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Mainstream, Vol XLVII, No 44, October 17, 2009

Tagore and Victoria Ocampo

Saturday 17 October 2009, by K. Natwar Singh


Earlier in the week The Asian Age carried a news item about a film being made on the Rabindranath Tagore-Victoria Ocampo friendship. I doubt if the name Ocampo is known to many in India today. Tagore too is a distant memory.

The film, Thinking of Him, is to be a joint Indian-Argentinian venture about the ‘Tagore-Ocampo Love Story’. It is to be directed by the Argentine film director, Pablo Cesar, who will be in India next week. He is coming with the Argentinian President, Cristina Fernandez de Kirchner.

Rabindranath Tagore (winner of the Nobel Prize for Literature in 1913) was a restless and indefatigable globe-trotter. There is no doubt that he was a genius. Nirad C. Chaudhuri places him alongside Goethe and Victor Hugo. No ordinary praise.

In November 1924 he arrived in Buenos Aires. He was well known in South America. He was widely read, not only in academic and scholarly circles, but also by many other Argentinians.

Tagore spent November, December (1924) and part of January 1925 in Buenos Aires. Taken ill on the voyage, he was being ‘nursed’ by his English friend, Leonard Elmhirst, who had relieved Tagore of his financial worries. Soon after his arrival he met a 34-year-old ravishing beauty, Victoria Ocampo. In her case beauty was dove-tailed with immense wealth. She had serious literary interests and had read Andre Gide’s French translation of Gitanjali. She was bowled over—“But the Gitanjali over which I was weeping will remain.”

When she learnt of Tagore’s illness, she went to the hotel in which the poet and Elmhirst were staying. She invited them to move to her palatial villa, Miralrio San Isidro. Elmhirst was not comfortable at San Isidro and wrote scathingly about the beautiful and somewhat over-possessive lady.

Besides having a keen intellectual understanding of his (Tagore’s) books, she was in love with him —but instead of being content to build a friendship on the basis of intellect, she was in a hurry to establish that kind of proprietary right over him which he absolutely would not brook.

But we must not take this harsh assault at its face value. Elmhirst was severe on Tagore too.

Our hostess was quite—next to the poet himself—the most difficult person I have ever came across—I felt now and then as if I was incharge of a mad house……

This is an uncharitable view and is not shared by Ocampo’s biographer, Doris Meyer, who wrote that Victoria at that time was deeply in love with a lawyer and not with Tagore or two other mentors of hers, the Spaniard Jose Ortega Y. Gasset, best known for his book, The Revolt of the Masses. The other was Count Hermann Keyserling. He was a German aristocrat, whose Dairy of a Philosopher was widely read. He had met Tagore at Santineketan. At the same time we must always remember that each one of us leads an undisclosed secret life which is never revealed.

Krishna Kripalani, Tagore’s Indian biographer, saw nothing sordid in the Tagore-Ocampo relationship. He wrote in his biography of Tagore:

The poet was very content and happy to watch the river from the balcony of the villa and be looked after by so charming and devoted a hostess. It was real devotion, the devotion of a young and ardent spirit to its ideal and not the fussing of a society lady eager to capture a lion.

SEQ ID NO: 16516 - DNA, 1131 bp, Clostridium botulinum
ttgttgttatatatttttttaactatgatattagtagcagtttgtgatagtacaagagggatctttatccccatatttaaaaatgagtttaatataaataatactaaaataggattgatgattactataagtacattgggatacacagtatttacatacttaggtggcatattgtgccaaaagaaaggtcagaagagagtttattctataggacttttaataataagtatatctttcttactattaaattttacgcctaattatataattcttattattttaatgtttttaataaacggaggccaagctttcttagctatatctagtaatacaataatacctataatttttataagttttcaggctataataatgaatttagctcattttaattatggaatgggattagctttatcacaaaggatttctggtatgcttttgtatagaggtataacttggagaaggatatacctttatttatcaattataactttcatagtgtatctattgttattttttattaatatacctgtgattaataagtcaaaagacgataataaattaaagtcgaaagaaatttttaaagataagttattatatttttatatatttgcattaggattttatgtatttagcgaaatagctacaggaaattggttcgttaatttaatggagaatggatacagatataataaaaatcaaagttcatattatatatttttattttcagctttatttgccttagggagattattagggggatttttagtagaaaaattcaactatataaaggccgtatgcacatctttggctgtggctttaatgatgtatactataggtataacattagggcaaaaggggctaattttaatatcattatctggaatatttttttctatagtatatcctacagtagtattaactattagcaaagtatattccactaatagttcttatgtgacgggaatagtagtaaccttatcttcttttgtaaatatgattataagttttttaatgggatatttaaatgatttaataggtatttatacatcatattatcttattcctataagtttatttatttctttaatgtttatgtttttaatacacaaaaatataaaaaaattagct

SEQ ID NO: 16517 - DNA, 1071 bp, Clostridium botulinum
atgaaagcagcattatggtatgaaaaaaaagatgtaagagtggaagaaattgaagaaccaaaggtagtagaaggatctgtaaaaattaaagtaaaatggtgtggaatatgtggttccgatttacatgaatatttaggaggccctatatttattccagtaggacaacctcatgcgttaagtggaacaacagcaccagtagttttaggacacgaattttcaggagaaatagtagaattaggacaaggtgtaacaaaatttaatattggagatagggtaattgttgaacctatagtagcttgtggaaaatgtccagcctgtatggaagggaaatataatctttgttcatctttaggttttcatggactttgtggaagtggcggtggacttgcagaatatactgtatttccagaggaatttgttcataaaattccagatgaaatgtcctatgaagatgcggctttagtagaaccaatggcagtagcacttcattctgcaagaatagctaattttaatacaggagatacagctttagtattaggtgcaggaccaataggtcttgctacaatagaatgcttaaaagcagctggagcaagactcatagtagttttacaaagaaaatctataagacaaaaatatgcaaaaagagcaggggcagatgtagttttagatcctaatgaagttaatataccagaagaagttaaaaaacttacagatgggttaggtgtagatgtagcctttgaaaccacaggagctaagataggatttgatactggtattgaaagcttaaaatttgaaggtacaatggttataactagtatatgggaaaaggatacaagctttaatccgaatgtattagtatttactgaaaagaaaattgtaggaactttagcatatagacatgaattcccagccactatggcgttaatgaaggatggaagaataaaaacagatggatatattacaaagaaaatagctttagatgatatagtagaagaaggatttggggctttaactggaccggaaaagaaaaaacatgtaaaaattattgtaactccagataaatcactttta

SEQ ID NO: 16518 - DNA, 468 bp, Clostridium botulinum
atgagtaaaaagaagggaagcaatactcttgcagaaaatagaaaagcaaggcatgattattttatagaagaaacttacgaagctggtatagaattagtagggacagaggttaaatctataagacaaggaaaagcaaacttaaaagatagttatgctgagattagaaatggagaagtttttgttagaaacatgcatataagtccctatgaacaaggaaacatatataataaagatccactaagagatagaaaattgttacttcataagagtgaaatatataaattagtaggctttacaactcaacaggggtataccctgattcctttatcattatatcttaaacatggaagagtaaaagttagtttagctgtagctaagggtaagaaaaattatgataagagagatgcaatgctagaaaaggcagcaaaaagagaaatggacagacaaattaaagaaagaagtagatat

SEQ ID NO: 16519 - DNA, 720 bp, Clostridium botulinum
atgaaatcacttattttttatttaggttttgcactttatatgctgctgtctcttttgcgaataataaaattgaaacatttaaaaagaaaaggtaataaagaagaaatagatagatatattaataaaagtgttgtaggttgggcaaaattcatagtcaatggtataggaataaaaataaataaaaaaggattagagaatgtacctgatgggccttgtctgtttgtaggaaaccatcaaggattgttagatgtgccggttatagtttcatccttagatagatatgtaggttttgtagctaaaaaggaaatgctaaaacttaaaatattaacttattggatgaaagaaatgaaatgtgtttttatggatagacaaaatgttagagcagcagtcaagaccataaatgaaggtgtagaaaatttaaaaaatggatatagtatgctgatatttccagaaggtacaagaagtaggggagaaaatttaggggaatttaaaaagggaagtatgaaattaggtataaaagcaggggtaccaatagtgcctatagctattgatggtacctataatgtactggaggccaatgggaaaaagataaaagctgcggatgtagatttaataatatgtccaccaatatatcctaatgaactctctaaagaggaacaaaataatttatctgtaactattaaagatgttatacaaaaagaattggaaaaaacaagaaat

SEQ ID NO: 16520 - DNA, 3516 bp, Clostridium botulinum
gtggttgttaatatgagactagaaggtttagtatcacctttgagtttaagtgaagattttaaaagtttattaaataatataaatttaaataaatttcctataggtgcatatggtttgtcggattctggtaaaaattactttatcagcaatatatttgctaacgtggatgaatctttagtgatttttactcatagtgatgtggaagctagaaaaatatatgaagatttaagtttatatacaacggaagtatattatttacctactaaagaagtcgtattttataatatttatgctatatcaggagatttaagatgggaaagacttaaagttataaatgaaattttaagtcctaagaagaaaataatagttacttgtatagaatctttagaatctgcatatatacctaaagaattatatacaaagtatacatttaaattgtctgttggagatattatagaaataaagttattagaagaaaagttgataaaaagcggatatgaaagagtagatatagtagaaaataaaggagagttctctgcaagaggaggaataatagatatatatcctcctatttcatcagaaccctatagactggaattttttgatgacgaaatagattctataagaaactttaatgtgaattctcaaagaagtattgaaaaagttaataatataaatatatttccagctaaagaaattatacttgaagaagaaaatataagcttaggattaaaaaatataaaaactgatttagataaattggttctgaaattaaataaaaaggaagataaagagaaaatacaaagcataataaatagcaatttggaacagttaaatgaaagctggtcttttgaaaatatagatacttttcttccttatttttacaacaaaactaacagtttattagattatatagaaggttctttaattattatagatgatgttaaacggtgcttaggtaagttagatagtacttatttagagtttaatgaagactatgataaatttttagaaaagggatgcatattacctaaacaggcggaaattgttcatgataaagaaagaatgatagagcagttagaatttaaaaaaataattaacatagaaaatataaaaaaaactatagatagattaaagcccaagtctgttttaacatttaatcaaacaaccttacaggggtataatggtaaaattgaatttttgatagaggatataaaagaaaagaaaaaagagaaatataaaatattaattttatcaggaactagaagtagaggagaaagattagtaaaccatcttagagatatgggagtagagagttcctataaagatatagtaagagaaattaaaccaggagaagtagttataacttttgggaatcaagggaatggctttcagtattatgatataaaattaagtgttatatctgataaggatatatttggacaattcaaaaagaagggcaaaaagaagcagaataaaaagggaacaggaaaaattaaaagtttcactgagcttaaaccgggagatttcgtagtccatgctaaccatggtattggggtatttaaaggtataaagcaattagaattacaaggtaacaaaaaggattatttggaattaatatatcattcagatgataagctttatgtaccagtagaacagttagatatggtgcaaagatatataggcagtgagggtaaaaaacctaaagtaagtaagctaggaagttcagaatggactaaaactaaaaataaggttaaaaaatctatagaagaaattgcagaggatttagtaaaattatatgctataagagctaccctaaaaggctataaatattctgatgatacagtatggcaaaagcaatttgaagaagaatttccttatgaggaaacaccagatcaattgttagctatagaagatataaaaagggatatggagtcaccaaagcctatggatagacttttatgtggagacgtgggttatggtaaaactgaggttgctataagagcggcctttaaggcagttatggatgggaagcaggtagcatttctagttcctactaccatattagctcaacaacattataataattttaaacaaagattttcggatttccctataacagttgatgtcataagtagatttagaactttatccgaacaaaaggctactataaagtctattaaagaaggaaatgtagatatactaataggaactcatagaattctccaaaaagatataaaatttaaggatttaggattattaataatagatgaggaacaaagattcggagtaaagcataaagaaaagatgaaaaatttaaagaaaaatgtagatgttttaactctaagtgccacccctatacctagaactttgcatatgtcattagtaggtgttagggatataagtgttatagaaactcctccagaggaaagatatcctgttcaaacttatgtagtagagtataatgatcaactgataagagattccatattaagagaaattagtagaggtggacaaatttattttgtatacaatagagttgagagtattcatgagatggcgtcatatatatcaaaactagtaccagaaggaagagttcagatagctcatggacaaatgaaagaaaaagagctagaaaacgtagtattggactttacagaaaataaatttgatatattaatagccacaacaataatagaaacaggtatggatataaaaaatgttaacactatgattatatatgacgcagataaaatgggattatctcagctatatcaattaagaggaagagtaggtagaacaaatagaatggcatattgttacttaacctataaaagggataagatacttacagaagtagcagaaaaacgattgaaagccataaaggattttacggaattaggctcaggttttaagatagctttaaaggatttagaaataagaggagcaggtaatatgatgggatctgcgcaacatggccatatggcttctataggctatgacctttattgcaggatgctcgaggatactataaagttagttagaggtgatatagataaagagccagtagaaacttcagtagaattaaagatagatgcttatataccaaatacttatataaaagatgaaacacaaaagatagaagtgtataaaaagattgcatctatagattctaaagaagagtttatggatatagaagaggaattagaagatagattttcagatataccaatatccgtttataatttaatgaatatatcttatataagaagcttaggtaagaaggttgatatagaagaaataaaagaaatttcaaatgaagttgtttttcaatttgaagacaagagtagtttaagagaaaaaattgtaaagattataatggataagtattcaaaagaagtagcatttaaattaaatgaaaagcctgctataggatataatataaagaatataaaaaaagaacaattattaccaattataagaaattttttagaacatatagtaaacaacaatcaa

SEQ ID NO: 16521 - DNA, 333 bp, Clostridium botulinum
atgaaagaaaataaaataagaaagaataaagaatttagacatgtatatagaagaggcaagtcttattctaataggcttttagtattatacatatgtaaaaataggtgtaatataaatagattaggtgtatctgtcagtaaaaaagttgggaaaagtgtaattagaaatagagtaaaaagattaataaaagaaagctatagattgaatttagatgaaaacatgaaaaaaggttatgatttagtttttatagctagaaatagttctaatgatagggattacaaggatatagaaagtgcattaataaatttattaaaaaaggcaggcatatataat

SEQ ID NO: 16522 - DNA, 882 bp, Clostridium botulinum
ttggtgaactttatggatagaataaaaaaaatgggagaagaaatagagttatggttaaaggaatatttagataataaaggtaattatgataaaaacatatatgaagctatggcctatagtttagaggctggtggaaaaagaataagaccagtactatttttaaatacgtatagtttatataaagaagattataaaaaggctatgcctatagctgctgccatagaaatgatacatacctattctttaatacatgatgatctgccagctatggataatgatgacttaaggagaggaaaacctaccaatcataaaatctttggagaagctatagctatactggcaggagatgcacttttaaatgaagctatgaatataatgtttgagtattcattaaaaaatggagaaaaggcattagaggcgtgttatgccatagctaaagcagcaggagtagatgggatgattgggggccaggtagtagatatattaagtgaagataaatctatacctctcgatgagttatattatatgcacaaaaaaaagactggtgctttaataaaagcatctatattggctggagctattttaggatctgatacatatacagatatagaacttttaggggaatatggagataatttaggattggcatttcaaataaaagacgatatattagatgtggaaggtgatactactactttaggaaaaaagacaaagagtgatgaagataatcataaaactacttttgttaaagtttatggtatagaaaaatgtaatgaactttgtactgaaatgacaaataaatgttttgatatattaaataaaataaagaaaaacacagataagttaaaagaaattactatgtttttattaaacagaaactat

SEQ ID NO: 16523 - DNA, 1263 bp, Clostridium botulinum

Kripalani continues:

Even God is moved by such devotion—so the saints assure us. Tagore was only human. He was deeply touched and grateful.

I knew Krishna Kripalani well. He had taught in Santineketan from 1933 to 1941. Just before his death, Krishna gave me an autographed photo of Tagore and an etching by the poet. I would rather believe Krishna Kripalani on Tagore than anyone else.


It is no secret that Tagore enjoyed Victoria’s company. He named her Vijaya and dedicated the poems he wrote in Argentina to Victoria Ocampo under the title Purabi, “which is the name of a lovely evening mode of Indian classical music”.

Tagore was 63 (Ocampo’s father’s age). His control over the erotic and the sensual was extraordinary. He was very attracted by Victoria. His poems in Argentina are a testimony to that. Yet I am convinced that theirs was a chaste and platonic relationship.

The two met six years later in Paris where Victoria found a gallery to display Tagore’s paintings. In the photograph taken at the opening of the exhibition, Tagore looks splendid in white robes. Victoria sits demurely next to him on a chair. In a photograph taken in 1924 at San Isidro she is sitting at his feet.

Victoria Ocampo had deep knowledge of India. She greatly admired Gandhi whom she got to know through Romain Rolland’s biography of the Mahatma in 1925. Jawaharlal Nehru she met twice. During the dictatorial regime of President Juan Peron, Victoria Ocampo was imprisoned for a short while in 1953. Nehru at the time was the Prime Minister. He had a hand in getting her released.

In 1968, Prime Minister Indira Gandhi was on a state visit to Argentina. As the Chancellor of Vishvabharati she conferred on Victoria Ocampo an honorary degree. I had accompanied Mrs Gandhi and was thrilled to see an ageing Victoria Ocampo in her stately home—San Isidro. The villa had lost some of its sheen and was not frequently used by the owner. In her bedroom was kept an autographed photograph of Rabindranath Tagore and all his books. It was an occasion to remember.

Let me end this by reproducing Tagore’s poem about his affection for Victoria:

I can but litter your life with the torn shreds of my pain, and keep you awake at night with the moan of my lonely dreams,

It is better that I remain speechless and help you to forget me.

Rabindranath Tagore died in 1941 at the age of 80. Victoria Ocampo, in 1979 in her 90th year.

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